There are many benefits of exercise for kids with CMT. I spoke with Dr. Robert Chetlin, Associate Professor, Department of Human Performance and Department of Neurology at the West Virginia University School of Medicine and he has the following advice:
“Children with CMT should be active for a variety of reasons. If we can intervene when a patient with CMT is at the highest level of strength and function, that patient will achieve the highest quality of life as an adult. Also, we know when children are inactive they will go into adulthood with a much greater chance of developing coronary heart disease, obesity, high blood pressure and high cholesterol. Exercise affects a person’s overall health.”
We know that CMT damages the sensory and motor nerves that run from the arms and legs to the spinal cord and brain, ultimately causing muscles in the feet, legs and hands to lose strength. Specifically, how does exercise benefit CMT patients?
“Our research has demonstrated that those patients who engage in a program of resistance training, for at least 12 weeks, experience beneficial changes in strength and function; certain muscle fiber types also increase in size – a beneficial effect called hypertrophy. We have also found that chronic (i.e. one year) resistance and endurance exercise not only improves strength, but also sensory function, as indicated by measures of balance and postural weight distribution.”
Can exercise reverse the effects of CMT?
“The clinical literature indicates that regular exercise may slow the progression of the disease; there is no evidence that exercise can actually reverse disease progression.”
Is exercise painful for children with CMT?
“Many patients do not experience pain during activity or exercise, but in severe cases of CMT, patients may experience pain. If a person with CMT feels pain during exercise that is beyond normal fatigue, he/she should consult with a doctor or physical therapist before continuing with that part of the exercise routine.”
What about CMT patients who have difficulty breathing?
“In severe cases of CMT, the phrenic nerve (the nerve that innervates the diaphragm) may be affected. However, there are many muscles in the trunk and abdomen that also participate in ventilation (the work of breathing). If exercise targets these muscles, then this may compensate, in part, for dysfunction of the diaphragm.”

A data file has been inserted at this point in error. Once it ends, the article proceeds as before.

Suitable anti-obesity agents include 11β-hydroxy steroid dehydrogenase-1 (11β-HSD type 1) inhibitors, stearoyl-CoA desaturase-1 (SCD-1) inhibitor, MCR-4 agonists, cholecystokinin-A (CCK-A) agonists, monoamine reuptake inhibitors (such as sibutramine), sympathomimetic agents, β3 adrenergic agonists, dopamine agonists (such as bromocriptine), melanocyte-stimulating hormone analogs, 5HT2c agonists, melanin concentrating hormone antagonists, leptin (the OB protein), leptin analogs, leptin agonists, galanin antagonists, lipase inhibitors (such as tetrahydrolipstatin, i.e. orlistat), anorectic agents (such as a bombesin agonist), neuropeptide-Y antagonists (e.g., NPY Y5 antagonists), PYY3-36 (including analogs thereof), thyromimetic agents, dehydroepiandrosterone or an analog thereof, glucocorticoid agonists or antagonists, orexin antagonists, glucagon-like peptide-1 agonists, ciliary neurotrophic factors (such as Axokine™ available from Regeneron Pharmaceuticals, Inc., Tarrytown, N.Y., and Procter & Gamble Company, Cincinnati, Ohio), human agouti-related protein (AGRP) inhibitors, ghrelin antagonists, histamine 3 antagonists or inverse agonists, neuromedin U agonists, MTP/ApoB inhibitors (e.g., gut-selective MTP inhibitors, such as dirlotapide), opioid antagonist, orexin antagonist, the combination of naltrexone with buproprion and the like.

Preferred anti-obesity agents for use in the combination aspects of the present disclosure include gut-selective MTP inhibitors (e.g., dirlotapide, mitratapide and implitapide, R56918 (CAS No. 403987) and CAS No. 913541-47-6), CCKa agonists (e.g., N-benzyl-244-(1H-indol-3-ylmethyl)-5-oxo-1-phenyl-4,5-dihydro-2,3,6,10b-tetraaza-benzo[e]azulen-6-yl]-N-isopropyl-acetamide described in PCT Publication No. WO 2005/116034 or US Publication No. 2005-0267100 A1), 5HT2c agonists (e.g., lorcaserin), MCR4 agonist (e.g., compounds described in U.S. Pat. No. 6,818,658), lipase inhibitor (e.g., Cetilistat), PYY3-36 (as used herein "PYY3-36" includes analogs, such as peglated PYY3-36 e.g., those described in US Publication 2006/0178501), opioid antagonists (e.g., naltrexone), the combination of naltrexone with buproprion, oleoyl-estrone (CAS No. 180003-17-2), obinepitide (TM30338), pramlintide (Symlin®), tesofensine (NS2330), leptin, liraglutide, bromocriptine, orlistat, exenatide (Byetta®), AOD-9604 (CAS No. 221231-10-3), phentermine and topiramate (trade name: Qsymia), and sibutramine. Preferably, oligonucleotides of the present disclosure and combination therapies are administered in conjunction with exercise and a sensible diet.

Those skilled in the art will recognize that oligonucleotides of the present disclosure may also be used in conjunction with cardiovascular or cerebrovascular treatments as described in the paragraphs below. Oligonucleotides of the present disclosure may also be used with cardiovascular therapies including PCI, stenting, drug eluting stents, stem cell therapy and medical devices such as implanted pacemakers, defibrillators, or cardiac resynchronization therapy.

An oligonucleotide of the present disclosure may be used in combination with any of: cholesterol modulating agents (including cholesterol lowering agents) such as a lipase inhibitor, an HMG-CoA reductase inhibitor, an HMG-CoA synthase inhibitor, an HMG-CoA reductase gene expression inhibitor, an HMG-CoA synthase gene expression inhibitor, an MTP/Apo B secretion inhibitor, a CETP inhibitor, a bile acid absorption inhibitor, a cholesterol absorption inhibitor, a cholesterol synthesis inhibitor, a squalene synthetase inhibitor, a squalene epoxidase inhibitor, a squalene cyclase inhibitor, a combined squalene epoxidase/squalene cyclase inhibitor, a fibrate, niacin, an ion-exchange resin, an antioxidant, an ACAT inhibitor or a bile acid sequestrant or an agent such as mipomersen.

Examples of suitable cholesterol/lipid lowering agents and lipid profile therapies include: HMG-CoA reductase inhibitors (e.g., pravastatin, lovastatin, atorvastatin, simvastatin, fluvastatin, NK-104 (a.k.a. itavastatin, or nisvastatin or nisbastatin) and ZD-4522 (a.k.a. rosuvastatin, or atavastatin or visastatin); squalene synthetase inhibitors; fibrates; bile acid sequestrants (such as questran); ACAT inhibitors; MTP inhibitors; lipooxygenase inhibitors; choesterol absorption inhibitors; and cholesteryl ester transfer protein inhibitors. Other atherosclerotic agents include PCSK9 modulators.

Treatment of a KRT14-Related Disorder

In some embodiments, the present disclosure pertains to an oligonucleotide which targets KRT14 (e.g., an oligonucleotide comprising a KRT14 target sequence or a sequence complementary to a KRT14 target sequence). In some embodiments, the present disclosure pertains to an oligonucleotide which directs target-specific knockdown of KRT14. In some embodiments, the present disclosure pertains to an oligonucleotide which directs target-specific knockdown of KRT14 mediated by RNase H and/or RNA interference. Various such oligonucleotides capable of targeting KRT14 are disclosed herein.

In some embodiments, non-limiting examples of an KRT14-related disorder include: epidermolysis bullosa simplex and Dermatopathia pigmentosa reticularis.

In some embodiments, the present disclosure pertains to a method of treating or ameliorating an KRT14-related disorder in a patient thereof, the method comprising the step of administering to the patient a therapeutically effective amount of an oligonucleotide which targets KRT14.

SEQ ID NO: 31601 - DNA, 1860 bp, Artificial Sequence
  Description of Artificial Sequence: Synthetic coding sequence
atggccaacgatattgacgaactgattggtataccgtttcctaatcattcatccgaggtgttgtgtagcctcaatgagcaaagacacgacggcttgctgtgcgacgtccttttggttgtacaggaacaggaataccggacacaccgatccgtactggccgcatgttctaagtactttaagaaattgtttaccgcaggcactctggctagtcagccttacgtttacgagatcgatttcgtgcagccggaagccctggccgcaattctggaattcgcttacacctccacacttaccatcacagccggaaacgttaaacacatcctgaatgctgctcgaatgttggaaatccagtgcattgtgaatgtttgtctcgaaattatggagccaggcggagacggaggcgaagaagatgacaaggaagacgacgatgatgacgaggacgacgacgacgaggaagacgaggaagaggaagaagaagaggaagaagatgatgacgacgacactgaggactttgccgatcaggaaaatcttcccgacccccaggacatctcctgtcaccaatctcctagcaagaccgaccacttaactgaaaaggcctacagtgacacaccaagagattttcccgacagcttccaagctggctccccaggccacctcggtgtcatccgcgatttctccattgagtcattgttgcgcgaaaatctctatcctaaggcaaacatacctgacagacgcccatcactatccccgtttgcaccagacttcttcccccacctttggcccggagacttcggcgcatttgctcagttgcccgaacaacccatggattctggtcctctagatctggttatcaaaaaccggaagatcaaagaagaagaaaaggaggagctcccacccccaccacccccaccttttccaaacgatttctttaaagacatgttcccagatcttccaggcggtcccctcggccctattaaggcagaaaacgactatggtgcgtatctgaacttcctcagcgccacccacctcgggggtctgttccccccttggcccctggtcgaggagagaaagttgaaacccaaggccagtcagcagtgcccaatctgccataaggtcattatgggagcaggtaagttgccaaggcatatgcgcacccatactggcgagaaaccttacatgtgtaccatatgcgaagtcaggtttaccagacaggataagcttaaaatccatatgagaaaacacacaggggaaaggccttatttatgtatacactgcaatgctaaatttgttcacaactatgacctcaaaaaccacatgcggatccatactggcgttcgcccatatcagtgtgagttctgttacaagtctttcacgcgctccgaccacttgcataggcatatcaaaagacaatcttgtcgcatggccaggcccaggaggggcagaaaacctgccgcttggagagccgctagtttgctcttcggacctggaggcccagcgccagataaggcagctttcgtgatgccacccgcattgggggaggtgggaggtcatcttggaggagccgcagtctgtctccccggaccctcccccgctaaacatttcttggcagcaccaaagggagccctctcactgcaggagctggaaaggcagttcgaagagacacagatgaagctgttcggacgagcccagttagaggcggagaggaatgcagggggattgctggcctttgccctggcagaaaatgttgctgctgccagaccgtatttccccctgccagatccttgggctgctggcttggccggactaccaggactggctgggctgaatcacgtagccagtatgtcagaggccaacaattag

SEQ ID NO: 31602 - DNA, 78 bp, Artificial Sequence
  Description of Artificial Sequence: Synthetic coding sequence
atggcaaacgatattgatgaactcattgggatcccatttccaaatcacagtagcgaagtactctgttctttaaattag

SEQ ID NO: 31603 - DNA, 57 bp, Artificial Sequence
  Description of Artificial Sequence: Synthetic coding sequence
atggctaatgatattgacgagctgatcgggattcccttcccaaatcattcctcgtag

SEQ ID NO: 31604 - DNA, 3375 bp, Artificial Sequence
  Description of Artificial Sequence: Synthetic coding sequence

Can you give some examples of resistance training and aerobic exercise that would be beneficial?
“We follow the art of exercise prescription which dictates that the science of exercise be used to formulate an exercise/activity program for the individual. By identifying strengths and weaknesses, including contraindications, we devise a program of exercise tailored to the patient’s specific needs, [such as] resistance training using machines for leg presses, curls and extensions, stationery rowers, bikes, recumbent bikes and elliptical trainers for aerobic exercise.”
How do you differentiate between exercise and activity?
“Exercise is structured and supervised for positioning, breathing and proper lifting of weights [as in a gym] with a goal in mind. Activity includes a psychological/social element such as playing games during physical education.”
Can you give us some tips for schools in terms of adaptive physical education, field day or recess?
“The most important thing is for kids to be kids and to enjoy play. A child having problems with ambulation can have an emphasis on upper body activities like throwing, catching, races where players push on carts. Games should be tweaked to be fun and inclusive of those with CMT. Teams of two can have the child with CMT swing a bat while the other child runs bases. And relays can be standing still with items being passed down the line. It is important to inform and update PE teachers on how best to incorporate children with CMT. “
How much exercise should a child get on a daily basis?
“The American College of Sports Medicine recommends 20-30 minutes of activity per day.”
Do you have any suggestions for working that into our children’s hectic schedules?
“It doesn’t have to be 30 consecutive minutes each day. It can be broken up into 10 or 15 minute sessions at a manageable level of intensity. The biggest challenge is making it fun. You have to find types of action that are meaningful, effective and enjoyable to the patient. Exercise games, videos, Wii and Dance Revolution are great choices.”
What suggestions do you have for parents of children or teens who refuse to participate in activity?
“You can’t force people to do what they don’t want to do. You can say, ‘you have these problems and we can help you’ but the person has to be willing. Education is important. If you expose the child to a small element of exercise and show them the improvement, it can be cathartic. It is human nature to want to relax, but life requires balance. Sometimes it helps to say just try it for a month. Exercise helps prevent disuse atrophy – wasted muscles – it is much more dramatic in patients with CMT.”
Thank you for explaining the importance of exercise in childhood for CMT patients. You have given some wonderful ideas to make it enjoyable. But I don’t think you would necessarily call it an easy fix.
“Not an easy fix, but the RIGHT fix!”